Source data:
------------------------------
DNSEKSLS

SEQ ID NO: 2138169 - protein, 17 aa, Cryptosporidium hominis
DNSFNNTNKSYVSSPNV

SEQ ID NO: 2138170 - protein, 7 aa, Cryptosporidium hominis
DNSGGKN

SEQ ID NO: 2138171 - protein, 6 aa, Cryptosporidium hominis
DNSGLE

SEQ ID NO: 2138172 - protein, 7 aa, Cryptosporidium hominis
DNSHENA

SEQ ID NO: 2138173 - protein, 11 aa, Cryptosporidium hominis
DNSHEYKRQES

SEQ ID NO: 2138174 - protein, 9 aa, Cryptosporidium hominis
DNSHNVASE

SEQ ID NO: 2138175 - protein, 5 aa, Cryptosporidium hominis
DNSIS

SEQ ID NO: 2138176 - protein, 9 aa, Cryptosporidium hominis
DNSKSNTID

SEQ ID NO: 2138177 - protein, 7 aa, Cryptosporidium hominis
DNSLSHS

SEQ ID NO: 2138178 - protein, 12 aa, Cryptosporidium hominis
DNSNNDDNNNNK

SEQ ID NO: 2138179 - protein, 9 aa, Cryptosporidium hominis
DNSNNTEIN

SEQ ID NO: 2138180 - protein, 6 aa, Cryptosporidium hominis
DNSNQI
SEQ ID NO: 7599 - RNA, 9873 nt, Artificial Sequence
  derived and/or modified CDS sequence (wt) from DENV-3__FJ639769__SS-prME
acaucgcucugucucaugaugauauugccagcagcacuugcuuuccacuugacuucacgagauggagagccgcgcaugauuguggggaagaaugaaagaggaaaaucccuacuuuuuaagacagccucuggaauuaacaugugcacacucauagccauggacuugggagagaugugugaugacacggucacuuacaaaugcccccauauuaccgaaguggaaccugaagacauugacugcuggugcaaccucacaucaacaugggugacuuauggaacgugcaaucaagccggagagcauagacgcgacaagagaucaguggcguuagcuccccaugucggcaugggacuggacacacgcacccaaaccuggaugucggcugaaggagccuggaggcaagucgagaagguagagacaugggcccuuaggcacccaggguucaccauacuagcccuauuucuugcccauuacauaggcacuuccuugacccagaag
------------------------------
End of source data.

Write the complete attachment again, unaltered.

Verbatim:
DNSEKSLS

SEQ ID NO: 2138169 - protein, 17 aa, Cryptosporidium hominis
DNSFNNTNKSYVSSPNV

SEQ ID NO: 2138170 - protein, 7 aa, Cryptosporidium hominis
DNSGGKN

SEQ ID NO: 2138171 - protein, 6 aa, Cryptosporidium hominis
DNSGLE

SEQ ID NO: 2138172 - protein, 7 aa, Cryptosporidium hominis
DNSHENA

SEQ ID NO: 2138173 - protein, 11 aa, Cryptosporidium hominis
DNSHEYKRQES

SEQ ID NO: 2138174 - protein, 9 aa, Cryptosporidium hominis
DNSHNVASE

SEQ ID NO: 2138175 - protein, 5 aa, Cryptosporidium hominis
DNSIS

SEQ ID NO: 2138176 - protein, 9 aa, Cryptosporidium hominis
DNSKSNTID

SEQ ID NO: 2138177 - protein, 7 aa, Cryptosporidium hominis
DNSLSHS

SEQ ID NO: 2138178 - protein, 12 aa, Cryptosporidium hominis
DNSNNDDNNNNK

SEQ ID NO: 2138179 - protein, 9 aa, Cryptosporidium hominis
DNSNNTEIN

SEQ ID NO: 2138180 - protein, 6 aa, Cryptosporidium hominis
DNSNQI
SEQ ID NO: 7599 - RNA, 9873 nt, Artificial Sequence
  derived and/or modified CDS sequence (wt) from DENV-3__FJ639769__SS-prME
acaucgcucugucucaugaugauauugccagcagcacuugcuuuccacuugacuucacgagauggagagccgcgcaugauuguggggaagaaugaaagaggaaaaucccuacuuuuuaagacagccucuggaauuaacaugugcacacucauagccauggacuugggagagaugugugaugacacggucacuuacaaaugcccccauauuaccgaaguggaaccugaagacauugacugcuggugcaaccucacaucaacaugggugacuuauggaacgugcaaucaagccggagagcauagacgcgacaagagaucaguggcguuagcuccccaugucggcaugggacuggacacacgcacccaaaccuggaugucggcugaaggagccuggaggcaagucgagaagguagagacaugggcccuuaggcacccaggguucaccauacuagcccuauuucuugcccauuacauaggcacuuccuugacccagaag